The results of the latest trials by Quality Meat Scotland’s Scottish Sheep Strategy reinforce the message that commercial sheep farmers will improve returns by using tups with the genetic potential to sire more efficient off-spring.
Recent trial results, announced at Scotsheep today (Wednesday 6th June), reveal producers selecting High Index Suffolk tups are obtaining a welcome income boost of £2 – £3 per lamb.
Maimie Paterson, chairman of the Scottish Sheep Strategy, said the rationale for initiating a trial using Suffolk focus farms, was the breed’s ability to sire lambs which grow quickly and reach market specification at a young age.
“Over the previous four years we used four different breeds of tup on six farms operating different management and marketing strategies and proved conclusively that High Index tups consistently outperform tups selected in the traditional manner by £5 per ewe mated per annum.
“This figure was achieved by a combination of factors, each contributing to the overall margin. The lambs were slightly heavier and had slightly better conformation. They also reached target weight and cover at a younger age and had a better survival rate.
“We felt it was important to then run a trial to see whether or not the same benefits could be shown in this type of faster finishing system.”
Three farms agreed to come on board as Suffolk focus farms: Morrisons Farm at Dumfries House (Morrisons); Kings Arms Farm, Ballantrae (Messrs Dalrymple) and Wellheads at Huntly (the Gordon family).
The results of the first year show, that for the 584 lambs involved in the three-farm trial, the use of High Performance sires generated an increased return averaging £2.69/lamb compared with Farm Choice sires (where genetic merit is not known).
The benefit varied from £1.19/lamb on the Morrisons Farm to £3.13/lamb at Wellheads Farm and £3.91/lamb at Kings Arms.
Rod McKenzie, Scottish Sheep Strategy Development Manager, said: “Once more we have proved that on different farms, with different constraints, there is a consistency and reliability in using High Index tups which rewards the lamb producer handsomely.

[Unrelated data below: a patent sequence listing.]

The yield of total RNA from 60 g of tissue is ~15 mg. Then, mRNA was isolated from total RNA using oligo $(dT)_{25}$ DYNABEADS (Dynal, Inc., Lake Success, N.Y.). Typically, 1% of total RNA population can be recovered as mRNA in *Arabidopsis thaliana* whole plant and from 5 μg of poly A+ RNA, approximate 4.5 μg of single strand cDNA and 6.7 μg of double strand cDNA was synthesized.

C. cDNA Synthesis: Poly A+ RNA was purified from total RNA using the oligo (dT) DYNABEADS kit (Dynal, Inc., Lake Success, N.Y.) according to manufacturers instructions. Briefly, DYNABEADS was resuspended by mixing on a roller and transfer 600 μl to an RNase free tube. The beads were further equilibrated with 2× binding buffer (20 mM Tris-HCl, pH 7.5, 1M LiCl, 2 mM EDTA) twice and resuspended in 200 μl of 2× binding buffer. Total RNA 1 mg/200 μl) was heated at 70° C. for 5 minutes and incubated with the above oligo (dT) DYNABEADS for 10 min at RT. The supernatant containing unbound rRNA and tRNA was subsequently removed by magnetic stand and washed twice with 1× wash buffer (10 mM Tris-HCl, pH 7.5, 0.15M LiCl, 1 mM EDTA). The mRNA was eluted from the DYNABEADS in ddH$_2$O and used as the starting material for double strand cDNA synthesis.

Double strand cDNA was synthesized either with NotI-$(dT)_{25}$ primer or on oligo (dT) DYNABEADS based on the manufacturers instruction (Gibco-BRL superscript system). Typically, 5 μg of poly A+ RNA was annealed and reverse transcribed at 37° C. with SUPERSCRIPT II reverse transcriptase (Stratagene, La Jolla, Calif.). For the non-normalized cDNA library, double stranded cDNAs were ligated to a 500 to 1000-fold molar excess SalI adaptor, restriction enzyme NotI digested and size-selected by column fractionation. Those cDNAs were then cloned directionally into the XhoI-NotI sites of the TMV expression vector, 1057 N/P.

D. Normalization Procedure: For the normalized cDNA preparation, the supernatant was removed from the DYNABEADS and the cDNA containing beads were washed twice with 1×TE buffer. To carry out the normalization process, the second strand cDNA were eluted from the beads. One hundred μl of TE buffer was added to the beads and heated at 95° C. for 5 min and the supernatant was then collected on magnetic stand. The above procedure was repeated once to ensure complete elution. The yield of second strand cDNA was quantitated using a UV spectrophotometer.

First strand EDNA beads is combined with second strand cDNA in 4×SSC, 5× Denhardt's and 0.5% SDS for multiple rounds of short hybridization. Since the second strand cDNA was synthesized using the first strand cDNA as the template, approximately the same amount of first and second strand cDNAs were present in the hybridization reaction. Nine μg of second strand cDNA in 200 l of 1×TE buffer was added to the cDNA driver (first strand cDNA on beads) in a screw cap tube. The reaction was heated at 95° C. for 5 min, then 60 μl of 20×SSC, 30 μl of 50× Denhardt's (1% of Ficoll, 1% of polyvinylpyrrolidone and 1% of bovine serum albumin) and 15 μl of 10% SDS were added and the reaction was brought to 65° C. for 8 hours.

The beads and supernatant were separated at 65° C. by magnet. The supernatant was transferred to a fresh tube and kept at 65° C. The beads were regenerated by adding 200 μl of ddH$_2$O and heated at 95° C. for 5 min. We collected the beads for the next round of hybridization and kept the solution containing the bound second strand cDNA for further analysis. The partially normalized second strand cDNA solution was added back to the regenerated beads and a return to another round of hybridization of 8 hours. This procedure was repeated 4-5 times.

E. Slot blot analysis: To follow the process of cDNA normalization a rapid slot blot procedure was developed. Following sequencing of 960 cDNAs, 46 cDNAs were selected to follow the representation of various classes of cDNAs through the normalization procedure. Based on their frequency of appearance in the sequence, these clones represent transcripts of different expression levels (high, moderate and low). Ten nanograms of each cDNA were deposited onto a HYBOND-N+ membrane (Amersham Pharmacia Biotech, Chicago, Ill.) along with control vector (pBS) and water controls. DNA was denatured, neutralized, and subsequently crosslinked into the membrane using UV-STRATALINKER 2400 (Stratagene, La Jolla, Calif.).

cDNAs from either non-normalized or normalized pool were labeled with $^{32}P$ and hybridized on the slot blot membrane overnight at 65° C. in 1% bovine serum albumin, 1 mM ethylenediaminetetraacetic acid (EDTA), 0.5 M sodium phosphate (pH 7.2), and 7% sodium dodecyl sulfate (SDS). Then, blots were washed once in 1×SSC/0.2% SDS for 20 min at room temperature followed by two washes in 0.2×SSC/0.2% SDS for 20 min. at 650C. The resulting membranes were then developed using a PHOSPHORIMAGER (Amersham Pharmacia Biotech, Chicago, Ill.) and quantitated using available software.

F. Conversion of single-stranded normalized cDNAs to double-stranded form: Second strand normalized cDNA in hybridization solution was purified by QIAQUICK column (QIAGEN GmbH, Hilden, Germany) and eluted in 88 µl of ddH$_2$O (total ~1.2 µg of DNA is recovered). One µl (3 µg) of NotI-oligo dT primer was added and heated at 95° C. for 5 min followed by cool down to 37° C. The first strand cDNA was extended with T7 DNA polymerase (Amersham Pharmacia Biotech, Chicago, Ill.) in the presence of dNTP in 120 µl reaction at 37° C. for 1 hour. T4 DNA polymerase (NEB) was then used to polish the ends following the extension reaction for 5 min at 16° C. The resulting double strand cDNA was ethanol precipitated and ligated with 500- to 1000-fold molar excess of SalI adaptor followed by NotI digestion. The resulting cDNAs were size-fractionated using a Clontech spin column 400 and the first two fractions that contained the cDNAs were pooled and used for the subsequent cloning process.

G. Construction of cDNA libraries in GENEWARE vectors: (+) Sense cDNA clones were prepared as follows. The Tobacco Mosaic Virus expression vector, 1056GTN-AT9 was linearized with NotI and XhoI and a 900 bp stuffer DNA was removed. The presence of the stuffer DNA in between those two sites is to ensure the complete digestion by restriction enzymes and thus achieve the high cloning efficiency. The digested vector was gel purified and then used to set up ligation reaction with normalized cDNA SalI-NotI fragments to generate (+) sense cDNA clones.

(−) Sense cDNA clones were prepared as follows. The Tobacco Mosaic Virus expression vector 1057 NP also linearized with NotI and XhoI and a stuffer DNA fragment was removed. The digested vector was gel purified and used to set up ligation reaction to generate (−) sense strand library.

“It is now looking as if the price for finished lamb has plateaued and, with costs of production continuing to rise, an increase of £2 – £3 per lamb is very significant.”
Mr McKenzie expressed thanks to all those involved in the work behind the trial including Robert Dalrymple, Andrew and Fiona MacLean at Kings Arms; Andrew and Claire Robinson and Andy McKie at Morrisons Farm, Dumfries House and John and Ewen Gordon and Doug Stephen at Wellheads.
To obtain a copy of the booklet, “Phase 2 of the 2011 Better Breeding Project – Suffolk”, contact QMS on 0131 472 4040 or request a copy online at www.scottishsheepstrategy.co.uk.
Caption: The Duke of Rothesay (left) hears about the Scottish Sheep Strategy from QMS Chairman Jim McLaren (right) as Maimie Paterson, Chairman of the Scottish Sheep Strategy looks on.
Note to Editors:
The aim of the Scottish Sheep Strategy is to increase the uptake of breeding technologies within the Scottish Sheep Industry, leading to a reduction in production costs, improvement in the quality and consistency of Scotch lamb and an increased demand for recorded breeding stock.